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A look through history of the home of the Buffalo Bills



Groundbreaking ceremonies were held in Orchard Park, NY for the Bills new 80,000-seat stadium. Bills founder Ralph C. Wilson, Jr. and Erie County Legislature Chairman Richard J. Keane both turned the first shovel full of dirt.


A glimpse of the home of the Buffalo Bills throughout history.


Capacity: 71,608
Luxury Boxes: 121 Suites, 8,325 Club Seats
Construction Started: 4/4/72
Area Covering: 197 acres
Officially Opened: 8/17/73
Field Level: 50 ft. below ground level
Upper Deck: 60 ft. above ground level
Surface: A-Turf Titan 50
Restrooms: 135 locations
Drainage: Subsurface pipes
Parking Facilities: 12,000 cars, 300 buses, 250 campers
Current Surface Installed: 2011
Stadium Lighting: Sideline, 180 ft. candles; Mid-field, 300 ft. candles
First Regular Season Game: Bills 9, Jets 7 (9/30/73)
Largest Crowd: 80,368 vs. Miami, 10/4/92


When the Buffalo Bills began play in 1960, their home venue was War Memorial Stadium. Built in 1936, the "Rockpile" was a 36,500-seat facility located in Buffalo at Jefferson and Best streets. In 1965, the open air, natural grass facility was expanded by adding an upper deck to increase capacity to 46,206.

Years of extreme weather and the popularity of the Bills led to the creation of a larger facility. A 113-acre tract of land approximately 30 minutes from downtown Buffalo was selected and groundbreaking ceremonies were conducted in Orchard Park on April 4, 1972 for the new football complex. To form the lower level of the stadium, more than 370,000 feet of shale were removed – putting the field 50 feet below ground level. Construction was completed in slightly over 14 months and on August 17, 1973, the stadium was officially opened as the Bills played host to the Washington Redskins.

Since the stadium's original construction, the facility has seen many changes. In 1984, the stadium's capacity was increased to 80,290 with the addition of 16 executive suites on the top floor of the administration building. Eight years later, 24 more suites were constructed in the west end zone and shared restrooms were added to the original suites. The Red Zone and Goal Line indoor clubs were added in 1994, offering fans a comfortable atmosphere as each of the two blocks of 500 seats are enclosed in glass. Also in 1994, 14 new suites were added, bringing the grand total to 88 luxury boxes. The 1994 expansion project also brought the team the largest JumboTron in the United States. This mammoth videoboard measured 31.5 feet high by 41.5 feet wide. Some of the capabilities of the videoboard include full-color instant replays, live action shots, crowd shots, out-of-town highlights, animations and various in-stadium shots from cameras exclusive to videoboard usage. In addition, a black and white Daktronics Scoreboard matrix system designed to complement the Sony JumboTron was installed.

In 1999 crews completed a seven-month stadium overhaul that included constructing 76 brand-new dugout suites and two new enclosed club sections each containing 500 seats. Fans in the dugout suites watch the action just 40 rows from the field. In addition, the Bills replaced 6,800 seats in the sideline club sections with revolutionary contoured heated seats, the first of their kind in North America. Renovations also included four new restroom towers, upgraded stadium lighting and a state-of- the-art sound system.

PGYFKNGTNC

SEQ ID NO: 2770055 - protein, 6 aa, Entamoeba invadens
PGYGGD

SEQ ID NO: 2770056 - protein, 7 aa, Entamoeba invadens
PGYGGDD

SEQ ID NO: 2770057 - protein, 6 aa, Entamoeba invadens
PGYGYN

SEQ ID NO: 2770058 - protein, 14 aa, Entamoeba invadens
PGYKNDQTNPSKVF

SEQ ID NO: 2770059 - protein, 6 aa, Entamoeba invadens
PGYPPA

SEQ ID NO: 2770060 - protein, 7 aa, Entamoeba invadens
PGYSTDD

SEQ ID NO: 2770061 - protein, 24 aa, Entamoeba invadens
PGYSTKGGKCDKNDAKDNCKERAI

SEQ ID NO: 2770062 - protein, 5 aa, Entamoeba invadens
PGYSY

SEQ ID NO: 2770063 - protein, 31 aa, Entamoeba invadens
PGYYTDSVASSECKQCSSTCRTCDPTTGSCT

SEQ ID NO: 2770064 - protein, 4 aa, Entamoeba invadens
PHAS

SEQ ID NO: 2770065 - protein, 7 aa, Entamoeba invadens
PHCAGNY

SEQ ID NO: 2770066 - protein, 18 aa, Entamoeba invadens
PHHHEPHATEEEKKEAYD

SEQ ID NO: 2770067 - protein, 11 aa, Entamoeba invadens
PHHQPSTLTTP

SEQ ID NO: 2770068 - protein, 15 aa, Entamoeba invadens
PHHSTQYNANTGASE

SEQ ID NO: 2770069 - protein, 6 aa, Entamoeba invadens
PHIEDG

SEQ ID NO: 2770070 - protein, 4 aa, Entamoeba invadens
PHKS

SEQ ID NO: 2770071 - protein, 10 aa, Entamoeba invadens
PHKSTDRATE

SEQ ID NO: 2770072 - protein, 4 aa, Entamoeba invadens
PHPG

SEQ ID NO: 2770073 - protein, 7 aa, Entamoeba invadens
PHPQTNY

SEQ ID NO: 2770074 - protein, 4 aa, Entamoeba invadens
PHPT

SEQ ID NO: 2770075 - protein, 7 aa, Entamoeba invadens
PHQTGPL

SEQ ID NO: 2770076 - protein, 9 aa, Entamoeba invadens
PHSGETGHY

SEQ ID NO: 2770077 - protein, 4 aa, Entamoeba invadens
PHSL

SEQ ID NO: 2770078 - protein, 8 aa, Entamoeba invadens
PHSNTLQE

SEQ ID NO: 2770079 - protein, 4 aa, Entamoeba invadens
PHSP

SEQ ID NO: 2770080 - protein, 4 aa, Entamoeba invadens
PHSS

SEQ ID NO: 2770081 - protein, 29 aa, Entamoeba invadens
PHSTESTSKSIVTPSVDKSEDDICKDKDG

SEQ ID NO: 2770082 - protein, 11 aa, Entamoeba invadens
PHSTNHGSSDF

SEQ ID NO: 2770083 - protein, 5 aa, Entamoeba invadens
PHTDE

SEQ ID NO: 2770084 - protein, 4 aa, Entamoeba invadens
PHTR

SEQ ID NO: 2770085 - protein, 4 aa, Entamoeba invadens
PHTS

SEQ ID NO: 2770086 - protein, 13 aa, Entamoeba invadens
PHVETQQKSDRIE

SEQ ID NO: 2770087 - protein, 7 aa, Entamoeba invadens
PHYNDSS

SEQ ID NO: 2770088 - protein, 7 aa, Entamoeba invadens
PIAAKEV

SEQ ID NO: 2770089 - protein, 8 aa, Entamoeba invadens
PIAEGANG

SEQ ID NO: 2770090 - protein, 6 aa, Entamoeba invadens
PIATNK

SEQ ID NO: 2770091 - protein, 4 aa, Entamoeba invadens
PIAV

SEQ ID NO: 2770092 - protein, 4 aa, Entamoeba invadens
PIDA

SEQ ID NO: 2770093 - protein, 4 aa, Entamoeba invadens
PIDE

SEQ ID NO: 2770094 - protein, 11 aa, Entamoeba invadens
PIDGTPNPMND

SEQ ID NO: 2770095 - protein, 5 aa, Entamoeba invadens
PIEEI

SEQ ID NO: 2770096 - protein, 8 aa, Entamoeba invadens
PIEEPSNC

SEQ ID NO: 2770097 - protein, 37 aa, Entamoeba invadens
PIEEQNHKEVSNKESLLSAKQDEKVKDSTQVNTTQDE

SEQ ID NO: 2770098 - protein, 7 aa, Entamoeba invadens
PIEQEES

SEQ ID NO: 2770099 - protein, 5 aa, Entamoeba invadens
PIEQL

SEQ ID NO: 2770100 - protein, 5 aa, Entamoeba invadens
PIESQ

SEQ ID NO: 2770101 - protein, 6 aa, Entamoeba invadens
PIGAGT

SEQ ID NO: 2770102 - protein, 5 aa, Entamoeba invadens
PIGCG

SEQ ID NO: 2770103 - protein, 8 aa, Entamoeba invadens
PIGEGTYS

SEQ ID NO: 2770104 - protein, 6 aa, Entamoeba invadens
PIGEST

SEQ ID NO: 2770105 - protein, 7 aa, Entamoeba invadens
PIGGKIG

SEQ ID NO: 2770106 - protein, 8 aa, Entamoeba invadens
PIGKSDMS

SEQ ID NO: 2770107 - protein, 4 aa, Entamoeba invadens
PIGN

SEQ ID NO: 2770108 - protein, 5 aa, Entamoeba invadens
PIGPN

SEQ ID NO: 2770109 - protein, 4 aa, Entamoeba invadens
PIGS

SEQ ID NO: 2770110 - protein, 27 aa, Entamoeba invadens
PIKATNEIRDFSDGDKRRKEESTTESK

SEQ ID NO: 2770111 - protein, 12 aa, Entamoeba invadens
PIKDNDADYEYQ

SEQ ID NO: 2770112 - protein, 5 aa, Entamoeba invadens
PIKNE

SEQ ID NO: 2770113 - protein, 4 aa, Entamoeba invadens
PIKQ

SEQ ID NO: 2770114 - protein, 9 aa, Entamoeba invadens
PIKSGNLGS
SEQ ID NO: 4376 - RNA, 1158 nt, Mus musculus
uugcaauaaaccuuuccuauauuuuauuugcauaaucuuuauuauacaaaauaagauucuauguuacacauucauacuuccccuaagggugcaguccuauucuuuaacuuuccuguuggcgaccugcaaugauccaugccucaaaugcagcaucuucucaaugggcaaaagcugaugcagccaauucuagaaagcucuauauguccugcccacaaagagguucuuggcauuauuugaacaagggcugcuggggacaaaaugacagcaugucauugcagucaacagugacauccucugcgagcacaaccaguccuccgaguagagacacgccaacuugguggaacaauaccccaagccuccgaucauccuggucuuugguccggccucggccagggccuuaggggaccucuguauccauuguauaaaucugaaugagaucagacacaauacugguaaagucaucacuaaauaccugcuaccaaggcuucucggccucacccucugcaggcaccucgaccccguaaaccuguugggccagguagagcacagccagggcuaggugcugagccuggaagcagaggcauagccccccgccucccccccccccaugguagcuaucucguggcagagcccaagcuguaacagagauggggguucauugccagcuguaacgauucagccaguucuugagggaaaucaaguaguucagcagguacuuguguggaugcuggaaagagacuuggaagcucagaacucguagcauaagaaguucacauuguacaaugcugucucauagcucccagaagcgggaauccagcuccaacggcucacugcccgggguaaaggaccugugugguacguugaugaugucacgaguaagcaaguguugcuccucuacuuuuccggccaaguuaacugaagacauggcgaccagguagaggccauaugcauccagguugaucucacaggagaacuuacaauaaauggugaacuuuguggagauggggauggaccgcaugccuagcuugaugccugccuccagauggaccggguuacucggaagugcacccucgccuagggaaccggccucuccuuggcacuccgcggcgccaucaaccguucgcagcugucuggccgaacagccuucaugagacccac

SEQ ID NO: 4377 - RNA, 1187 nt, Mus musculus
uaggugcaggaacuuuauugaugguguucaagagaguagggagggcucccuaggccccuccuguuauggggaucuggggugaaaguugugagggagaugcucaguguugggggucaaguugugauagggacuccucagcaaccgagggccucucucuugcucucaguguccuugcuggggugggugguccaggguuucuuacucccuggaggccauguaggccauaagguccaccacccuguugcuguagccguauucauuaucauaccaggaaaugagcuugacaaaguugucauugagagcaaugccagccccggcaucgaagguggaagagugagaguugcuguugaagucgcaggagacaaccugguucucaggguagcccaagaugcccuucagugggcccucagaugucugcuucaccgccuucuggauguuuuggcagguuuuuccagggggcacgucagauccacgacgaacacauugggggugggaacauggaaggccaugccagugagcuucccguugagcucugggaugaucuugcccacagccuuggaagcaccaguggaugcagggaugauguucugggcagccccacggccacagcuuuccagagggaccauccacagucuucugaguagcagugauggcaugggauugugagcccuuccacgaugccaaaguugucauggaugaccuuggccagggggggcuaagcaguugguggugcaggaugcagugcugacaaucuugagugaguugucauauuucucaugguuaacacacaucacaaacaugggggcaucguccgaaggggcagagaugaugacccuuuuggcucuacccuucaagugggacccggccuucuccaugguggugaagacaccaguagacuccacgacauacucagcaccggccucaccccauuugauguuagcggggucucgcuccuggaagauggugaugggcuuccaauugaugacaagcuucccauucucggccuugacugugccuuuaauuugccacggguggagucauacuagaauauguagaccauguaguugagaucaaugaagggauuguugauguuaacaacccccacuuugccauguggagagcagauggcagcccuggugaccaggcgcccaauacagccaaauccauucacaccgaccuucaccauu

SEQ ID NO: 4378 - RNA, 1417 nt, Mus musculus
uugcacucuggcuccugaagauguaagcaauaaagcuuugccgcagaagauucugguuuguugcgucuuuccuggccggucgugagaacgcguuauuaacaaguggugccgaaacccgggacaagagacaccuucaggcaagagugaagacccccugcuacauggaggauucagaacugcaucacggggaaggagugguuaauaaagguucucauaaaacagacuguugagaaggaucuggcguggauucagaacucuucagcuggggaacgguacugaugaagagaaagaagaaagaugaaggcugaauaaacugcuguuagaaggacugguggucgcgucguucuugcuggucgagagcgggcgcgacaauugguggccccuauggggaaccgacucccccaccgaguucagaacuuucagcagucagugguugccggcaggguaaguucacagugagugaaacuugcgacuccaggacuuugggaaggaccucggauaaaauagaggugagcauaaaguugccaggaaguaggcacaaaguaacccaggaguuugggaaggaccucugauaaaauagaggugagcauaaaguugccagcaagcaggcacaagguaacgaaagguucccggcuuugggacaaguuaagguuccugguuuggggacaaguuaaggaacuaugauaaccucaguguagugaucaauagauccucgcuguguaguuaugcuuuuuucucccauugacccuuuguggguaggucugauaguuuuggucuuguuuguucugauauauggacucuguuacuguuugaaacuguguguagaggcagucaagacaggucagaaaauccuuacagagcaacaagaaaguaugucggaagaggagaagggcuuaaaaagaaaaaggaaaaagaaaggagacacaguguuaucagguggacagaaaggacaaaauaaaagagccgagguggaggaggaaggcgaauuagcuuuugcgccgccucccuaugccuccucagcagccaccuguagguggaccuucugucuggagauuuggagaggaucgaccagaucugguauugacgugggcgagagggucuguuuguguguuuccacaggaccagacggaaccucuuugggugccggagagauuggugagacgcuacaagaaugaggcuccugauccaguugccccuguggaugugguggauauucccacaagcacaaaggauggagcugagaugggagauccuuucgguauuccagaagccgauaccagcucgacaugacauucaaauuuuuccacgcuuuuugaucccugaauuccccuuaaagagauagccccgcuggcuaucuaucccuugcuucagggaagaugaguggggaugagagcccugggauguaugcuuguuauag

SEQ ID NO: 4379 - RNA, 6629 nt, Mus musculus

In 2007, the Bills introduced a new Mitsubishi high definition LED video display scoreboard measuring 33.5 feet by 82.8 feet. The accompanied new HD Digital Screen Controller allowed for simultaneous display of up to three multiple images (or one full screen image). This installation was only the second true high definition display in the NFL, largely as a result of the integral HD Processor used to produce the necessary lines of resolution (1080), to accurately depict an HD image. In addition, the Bills installed over 1,000 feet of Mitsubishi Diamond Vision LED Ribbon Boards on the fascia of the bowl seating areas. The traditional scoring system is encompassed within this state-of–the-art display along with dynamic sponsor ads, player/team statistics and fan prompts.

In 2011, the team installed a new playing surface, A-Turf Titan. It is the top synthetic turf system available and is noted as the industry's top performing system by providing the perfect balance of traction, foot release and unparalleled durability.

In 2013, a $130 million construction project was unveiled that includes renovations and improvements to Ralph Wilson Stadium. Work also includes new technology implementation, a new west end plaza that is inclusive of a new team store and enhanced gate entries, renovated and expanded concessions, restrooms and a training facility. Construction began in May 2013 and was largely completed at the start of the 2014 season.


In 2014, Buffalo's founder and Hall of Fame owner Ralph C. Wilson Jr. passed away at the age of 95, leaving behind a rich legacy. Determined for the Buffalo Bills to remain at home in Western New York, Terry and Kim Pegula purchased the franchise. As the team's second owners, the Pegulas have made a significant impact on the Buffalo Bills and the entire community.

Under their leadership, the Bills' home field has undergone a monumental change. On August 18, 2016, the Buffalo Bills revealed that New Era Cap has taken over naming rights to the stadium and that the team will now play at New Era Field—marking a new chapter in Bills history.

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